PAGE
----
M&S plans to flatten its Oxford Street store, with more shoppers going online – a move that has been heavily criticised by author Bill Bryson and architect Steve Tompkins.
This is because many are calling for the building to be retrofitted and refurbished, rather than demolished and rebuilt.
Taking these actions limits the carbon footprint of changing a building’s appearance or design, as it doesn’t render old materials obsolete or require new materials to be sourced.
Bryson has donated £500 towards the group Save Britain’s Heritage, which is spearheading the campaign against this decision.
This group commissioned a report by architect Simon Sturgis, who specialises in net zero construction – which found that the M&S project does not comply with governmental net zero standards.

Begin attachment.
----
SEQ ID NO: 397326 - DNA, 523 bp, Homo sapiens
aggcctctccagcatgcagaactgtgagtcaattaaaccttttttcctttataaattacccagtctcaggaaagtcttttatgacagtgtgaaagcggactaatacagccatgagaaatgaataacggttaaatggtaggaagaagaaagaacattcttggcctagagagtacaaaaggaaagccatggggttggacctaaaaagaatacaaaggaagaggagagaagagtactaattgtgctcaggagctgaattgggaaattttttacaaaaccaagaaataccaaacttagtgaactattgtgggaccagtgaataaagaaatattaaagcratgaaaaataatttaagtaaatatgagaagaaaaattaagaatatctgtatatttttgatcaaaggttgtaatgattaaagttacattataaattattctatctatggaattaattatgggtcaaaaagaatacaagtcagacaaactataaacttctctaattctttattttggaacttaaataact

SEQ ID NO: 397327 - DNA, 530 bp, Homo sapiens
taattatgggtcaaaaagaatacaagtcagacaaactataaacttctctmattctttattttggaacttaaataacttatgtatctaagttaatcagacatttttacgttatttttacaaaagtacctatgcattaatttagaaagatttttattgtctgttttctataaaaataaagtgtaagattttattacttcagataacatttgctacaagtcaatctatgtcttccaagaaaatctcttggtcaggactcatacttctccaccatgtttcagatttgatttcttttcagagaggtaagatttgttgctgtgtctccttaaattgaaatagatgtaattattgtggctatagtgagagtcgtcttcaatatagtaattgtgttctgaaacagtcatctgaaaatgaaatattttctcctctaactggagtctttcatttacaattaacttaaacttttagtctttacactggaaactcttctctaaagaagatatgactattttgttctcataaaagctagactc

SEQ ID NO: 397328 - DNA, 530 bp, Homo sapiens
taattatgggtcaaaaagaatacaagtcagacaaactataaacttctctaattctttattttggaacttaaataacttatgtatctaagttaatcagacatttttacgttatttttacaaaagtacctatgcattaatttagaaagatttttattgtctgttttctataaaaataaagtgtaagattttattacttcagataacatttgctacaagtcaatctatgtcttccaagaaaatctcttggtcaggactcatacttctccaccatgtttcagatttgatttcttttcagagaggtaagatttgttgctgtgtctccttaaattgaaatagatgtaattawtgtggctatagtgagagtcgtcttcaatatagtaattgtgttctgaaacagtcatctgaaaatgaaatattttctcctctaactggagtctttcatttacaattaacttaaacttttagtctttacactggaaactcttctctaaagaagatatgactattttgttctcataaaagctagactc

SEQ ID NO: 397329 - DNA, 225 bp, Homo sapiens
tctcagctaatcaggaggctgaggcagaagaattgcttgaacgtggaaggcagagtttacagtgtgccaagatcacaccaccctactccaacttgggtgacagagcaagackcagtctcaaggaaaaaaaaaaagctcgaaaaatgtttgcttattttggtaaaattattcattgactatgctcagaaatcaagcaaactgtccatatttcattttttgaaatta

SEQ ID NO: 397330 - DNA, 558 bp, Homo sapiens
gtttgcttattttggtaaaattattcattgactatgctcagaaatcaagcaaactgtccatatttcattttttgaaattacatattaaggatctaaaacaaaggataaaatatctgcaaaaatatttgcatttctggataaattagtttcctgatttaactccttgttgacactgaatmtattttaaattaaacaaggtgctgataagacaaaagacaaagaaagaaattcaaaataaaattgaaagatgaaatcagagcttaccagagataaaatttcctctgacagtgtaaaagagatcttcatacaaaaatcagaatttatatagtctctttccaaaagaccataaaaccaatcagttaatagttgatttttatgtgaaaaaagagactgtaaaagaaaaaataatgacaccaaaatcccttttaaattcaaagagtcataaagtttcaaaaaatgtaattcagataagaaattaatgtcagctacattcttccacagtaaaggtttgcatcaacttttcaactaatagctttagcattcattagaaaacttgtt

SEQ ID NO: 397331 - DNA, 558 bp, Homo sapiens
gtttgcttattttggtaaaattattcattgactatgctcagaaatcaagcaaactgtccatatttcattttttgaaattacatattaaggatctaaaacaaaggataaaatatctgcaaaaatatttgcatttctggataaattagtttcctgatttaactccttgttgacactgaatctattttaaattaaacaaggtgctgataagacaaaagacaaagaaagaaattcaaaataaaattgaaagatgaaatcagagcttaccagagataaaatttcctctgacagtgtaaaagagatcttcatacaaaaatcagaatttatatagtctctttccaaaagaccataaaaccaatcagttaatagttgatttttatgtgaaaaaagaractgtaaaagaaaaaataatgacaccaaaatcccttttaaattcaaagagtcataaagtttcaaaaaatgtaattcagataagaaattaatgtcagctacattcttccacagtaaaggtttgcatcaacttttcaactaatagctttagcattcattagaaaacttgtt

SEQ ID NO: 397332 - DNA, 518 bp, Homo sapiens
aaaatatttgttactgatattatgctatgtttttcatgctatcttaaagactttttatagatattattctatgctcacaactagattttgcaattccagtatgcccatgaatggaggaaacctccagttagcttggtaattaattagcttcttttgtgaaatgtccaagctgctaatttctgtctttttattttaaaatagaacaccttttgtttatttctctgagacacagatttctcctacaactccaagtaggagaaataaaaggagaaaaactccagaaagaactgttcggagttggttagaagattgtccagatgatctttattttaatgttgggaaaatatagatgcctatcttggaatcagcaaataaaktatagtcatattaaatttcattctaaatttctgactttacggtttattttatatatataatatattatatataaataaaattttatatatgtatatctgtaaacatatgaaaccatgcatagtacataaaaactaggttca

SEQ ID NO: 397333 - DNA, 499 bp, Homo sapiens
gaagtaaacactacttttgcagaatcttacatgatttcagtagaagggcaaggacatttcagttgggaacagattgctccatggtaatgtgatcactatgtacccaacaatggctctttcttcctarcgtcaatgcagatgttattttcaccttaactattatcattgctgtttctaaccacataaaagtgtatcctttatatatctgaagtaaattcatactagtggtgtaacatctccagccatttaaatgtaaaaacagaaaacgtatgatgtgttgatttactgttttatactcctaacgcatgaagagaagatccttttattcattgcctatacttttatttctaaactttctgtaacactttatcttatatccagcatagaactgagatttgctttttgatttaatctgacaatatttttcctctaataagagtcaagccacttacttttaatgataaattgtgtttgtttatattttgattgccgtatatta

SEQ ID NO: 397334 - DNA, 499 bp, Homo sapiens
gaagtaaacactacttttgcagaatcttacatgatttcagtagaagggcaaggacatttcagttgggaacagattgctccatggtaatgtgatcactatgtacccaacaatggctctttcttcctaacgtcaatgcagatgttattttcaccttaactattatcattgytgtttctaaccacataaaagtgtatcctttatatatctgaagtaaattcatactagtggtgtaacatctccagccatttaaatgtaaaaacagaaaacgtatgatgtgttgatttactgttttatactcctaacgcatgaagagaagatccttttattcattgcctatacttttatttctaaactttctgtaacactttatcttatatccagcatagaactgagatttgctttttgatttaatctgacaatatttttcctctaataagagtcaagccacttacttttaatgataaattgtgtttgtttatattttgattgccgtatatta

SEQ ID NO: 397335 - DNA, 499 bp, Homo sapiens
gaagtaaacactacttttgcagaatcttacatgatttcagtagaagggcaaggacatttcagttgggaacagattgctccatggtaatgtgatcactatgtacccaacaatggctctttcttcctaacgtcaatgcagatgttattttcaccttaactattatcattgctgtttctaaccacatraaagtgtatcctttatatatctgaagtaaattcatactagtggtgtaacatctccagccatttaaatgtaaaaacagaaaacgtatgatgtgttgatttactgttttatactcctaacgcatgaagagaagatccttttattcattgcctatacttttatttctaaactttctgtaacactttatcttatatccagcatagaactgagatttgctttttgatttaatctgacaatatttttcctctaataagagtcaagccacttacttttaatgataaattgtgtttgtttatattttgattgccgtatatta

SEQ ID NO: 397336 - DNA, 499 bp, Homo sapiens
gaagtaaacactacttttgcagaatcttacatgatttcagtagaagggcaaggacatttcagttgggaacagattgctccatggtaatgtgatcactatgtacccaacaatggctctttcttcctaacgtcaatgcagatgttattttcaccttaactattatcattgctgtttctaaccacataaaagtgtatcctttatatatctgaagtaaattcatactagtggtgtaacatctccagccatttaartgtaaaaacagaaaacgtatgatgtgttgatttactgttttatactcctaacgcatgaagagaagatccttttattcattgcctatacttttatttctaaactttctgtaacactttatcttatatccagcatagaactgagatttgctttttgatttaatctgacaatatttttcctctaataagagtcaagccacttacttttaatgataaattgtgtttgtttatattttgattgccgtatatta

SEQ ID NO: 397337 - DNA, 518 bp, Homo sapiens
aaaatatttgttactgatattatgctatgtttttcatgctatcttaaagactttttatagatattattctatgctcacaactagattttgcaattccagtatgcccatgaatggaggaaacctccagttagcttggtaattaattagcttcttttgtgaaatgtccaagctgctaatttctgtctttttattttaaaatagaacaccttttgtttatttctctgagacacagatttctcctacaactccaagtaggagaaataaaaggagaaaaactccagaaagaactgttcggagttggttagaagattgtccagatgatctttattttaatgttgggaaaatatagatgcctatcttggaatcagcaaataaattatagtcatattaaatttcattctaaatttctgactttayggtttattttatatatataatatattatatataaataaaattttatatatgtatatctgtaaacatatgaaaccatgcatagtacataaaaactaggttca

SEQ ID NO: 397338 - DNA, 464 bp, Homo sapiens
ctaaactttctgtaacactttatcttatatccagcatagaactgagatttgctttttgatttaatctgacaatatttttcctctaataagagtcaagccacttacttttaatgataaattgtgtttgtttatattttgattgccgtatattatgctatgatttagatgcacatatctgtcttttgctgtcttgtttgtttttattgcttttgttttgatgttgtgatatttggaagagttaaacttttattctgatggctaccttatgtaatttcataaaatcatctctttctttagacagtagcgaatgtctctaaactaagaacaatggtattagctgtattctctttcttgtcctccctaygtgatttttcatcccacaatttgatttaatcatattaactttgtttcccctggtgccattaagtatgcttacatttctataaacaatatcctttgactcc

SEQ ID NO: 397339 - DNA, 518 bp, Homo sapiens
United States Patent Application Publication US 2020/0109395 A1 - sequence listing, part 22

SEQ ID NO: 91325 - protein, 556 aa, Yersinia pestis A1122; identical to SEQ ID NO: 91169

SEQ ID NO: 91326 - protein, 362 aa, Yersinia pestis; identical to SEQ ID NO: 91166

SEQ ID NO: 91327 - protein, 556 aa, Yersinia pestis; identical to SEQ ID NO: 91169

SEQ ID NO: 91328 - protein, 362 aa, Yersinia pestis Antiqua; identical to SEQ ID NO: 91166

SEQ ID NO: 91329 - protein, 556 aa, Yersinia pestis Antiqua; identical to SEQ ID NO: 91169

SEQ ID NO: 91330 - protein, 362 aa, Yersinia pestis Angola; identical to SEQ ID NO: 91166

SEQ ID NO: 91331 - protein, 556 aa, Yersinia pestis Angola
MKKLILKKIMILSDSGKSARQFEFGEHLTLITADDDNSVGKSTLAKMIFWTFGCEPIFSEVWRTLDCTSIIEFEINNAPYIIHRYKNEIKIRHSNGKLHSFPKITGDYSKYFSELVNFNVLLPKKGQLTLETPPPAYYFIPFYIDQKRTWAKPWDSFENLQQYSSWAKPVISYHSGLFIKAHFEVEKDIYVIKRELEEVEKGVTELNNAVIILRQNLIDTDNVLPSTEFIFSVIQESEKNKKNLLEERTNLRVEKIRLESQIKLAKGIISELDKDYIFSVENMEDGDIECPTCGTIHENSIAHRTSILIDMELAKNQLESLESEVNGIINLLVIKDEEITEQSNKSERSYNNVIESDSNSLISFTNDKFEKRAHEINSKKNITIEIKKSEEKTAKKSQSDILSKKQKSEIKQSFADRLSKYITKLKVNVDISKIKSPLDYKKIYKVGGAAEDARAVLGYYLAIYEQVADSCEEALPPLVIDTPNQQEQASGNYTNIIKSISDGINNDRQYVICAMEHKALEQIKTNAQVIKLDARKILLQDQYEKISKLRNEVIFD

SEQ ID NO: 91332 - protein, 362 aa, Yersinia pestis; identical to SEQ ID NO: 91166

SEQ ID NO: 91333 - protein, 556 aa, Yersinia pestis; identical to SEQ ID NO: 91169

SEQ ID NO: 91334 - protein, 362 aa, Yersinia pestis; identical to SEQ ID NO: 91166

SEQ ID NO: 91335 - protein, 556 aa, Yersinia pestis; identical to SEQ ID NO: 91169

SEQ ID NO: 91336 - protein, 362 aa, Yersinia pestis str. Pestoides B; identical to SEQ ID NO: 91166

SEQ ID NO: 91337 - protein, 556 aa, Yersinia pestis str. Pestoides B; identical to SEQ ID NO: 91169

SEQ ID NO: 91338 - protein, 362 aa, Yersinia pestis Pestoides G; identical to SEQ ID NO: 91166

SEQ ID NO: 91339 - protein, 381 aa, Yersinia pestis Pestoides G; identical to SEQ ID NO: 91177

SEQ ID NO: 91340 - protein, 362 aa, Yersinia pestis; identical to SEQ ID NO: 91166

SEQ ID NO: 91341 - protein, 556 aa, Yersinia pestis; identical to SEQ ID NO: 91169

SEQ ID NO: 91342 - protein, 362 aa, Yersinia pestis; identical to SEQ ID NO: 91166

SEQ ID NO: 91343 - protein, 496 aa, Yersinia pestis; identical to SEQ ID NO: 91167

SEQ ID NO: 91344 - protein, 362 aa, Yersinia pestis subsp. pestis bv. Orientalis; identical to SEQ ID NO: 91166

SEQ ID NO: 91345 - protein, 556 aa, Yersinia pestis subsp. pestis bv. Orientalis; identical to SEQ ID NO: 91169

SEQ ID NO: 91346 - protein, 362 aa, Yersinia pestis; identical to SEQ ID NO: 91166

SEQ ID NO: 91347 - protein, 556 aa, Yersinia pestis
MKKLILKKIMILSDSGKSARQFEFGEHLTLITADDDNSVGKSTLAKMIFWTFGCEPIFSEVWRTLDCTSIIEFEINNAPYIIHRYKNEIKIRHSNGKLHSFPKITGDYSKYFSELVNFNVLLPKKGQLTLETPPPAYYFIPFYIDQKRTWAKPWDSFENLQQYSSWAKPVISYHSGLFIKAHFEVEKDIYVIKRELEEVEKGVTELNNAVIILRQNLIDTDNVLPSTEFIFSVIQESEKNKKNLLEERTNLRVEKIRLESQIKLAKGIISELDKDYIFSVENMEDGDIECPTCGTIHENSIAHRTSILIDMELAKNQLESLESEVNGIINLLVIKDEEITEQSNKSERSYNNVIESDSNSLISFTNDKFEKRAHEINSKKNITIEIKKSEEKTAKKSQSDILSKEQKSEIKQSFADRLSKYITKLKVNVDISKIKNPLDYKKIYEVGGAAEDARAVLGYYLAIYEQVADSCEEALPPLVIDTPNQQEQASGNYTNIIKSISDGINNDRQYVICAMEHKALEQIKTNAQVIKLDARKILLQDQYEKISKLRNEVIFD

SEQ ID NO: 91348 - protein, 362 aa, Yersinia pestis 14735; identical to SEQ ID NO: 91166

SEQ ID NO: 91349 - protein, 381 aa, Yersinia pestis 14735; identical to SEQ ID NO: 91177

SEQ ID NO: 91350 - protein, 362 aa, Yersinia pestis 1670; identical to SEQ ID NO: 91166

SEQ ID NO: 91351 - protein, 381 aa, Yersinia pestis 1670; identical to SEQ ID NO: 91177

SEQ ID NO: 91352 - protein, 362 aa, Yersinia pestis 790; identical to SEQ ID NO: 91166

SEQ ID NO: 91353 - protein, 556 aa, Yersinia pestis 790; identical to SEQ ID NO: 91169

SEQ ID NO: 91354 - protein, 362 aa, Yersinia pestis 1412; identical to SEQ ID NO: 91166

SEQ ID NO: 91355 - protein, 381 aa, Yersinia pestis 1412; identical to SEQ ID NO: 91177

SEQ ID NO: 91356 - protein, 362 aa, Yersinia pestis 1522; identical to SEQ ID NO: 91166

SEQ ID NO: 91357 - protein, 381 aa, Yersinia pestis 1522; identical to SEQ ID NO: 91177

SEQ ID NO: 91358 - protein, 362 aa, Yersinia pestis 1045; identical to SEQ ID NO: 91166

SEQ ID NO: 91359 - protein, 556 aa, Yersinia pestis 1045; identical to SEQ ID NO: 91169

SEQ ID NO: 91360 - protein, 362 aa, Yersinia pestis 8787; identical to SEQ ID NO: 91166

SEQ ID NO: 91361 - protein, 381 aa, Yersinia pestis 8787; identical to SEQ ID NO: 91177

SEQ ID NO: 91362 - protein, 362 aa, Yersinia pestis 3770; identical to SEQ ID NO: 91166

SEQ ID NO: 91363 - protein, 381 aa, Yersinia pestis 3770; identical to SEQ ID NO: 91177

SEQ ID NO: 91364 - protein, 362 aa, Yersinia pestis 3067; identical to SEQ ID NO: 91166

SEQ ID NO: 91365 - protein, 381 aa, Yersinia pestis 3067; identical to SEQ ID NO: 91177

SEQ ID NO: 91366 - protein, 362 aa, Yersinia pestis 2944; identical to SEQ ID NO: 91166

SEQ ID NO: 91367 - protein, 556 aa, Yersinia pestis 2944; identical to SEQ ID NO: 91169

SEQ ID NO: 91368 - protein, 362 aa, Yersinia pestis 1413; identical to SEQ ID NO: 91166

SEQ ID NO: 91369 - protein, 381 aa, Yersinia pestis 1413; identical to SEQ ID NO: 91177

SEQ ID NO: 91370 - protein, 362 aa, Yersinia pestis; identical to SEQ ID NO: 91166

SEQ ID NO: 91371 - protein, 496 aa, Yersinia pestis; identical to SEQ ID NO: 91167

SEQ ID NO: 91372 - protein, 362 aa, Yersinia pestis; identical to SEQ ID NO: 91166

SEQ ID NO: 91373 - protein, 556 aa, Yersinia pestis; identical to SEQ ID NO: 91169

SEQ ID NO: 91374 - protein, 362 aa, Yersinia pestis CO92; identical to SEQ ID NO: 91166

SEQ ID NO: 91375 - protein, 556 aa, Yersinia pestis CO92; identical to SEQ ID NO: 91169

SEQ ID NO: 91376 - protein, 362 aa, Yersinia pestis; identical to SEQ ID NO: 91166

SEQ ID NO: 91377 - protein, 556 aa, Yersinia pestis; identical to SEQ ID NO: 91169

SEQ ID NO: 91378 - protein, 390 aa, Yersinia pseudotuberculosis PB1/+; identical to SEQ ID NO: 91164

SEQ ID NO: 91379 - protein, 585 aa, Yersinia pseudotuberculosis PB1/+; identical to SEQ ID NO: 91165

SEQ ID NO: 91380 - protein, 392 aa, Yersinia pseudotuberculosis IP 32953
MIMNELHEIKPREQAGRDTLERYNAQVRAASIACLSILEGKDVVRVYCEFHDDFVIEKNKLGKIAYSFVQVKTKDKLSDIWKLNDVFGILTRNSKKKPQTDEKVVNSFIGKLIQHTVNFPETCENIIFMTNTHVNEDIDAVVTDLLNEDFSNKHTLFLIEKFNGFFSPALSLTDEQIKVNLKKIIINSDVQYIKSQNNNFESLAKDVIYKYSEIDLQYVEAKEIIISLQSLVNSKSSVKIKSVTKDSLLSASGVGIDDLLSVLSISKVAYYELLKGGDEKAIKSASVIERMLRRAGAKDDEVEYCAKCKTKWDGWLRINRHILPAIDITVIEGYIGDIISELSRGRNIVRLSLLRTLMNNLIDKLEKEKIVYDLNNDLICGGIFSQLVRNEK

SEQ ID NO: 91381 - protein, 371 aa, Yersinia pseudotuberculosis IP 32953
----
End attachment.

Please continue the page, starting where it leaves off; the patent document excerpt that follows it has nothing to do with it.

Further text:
M&S argues that its new building would cut energy use, however, with Stuart Machin, Co-Chief Executive, stating: “Our investment will deliver far more than carbon reduction.
“It will be a better place for our customers to shop, a better place for our colleagues to work and a better public realm for our community. Today and tomorrow.”
In declaring his support for the retrofitting campaign, Bryson told Architect’s Journal: “I believe it would be a great shame to tear down the M&S building. I have no special knowledge or insights about the matter. I just wish to help stop a bit of foolishness.”
Architect Steve Tompkins added: “Number 458 Oxford Street is a handsome piece of urban architecture, made with high-quality durable materials.
“It is a successful component of the wider streetscape and a familiar London landmark. For these reasons, the building appears to be an entirely suitable candidate for deep retrofitting.”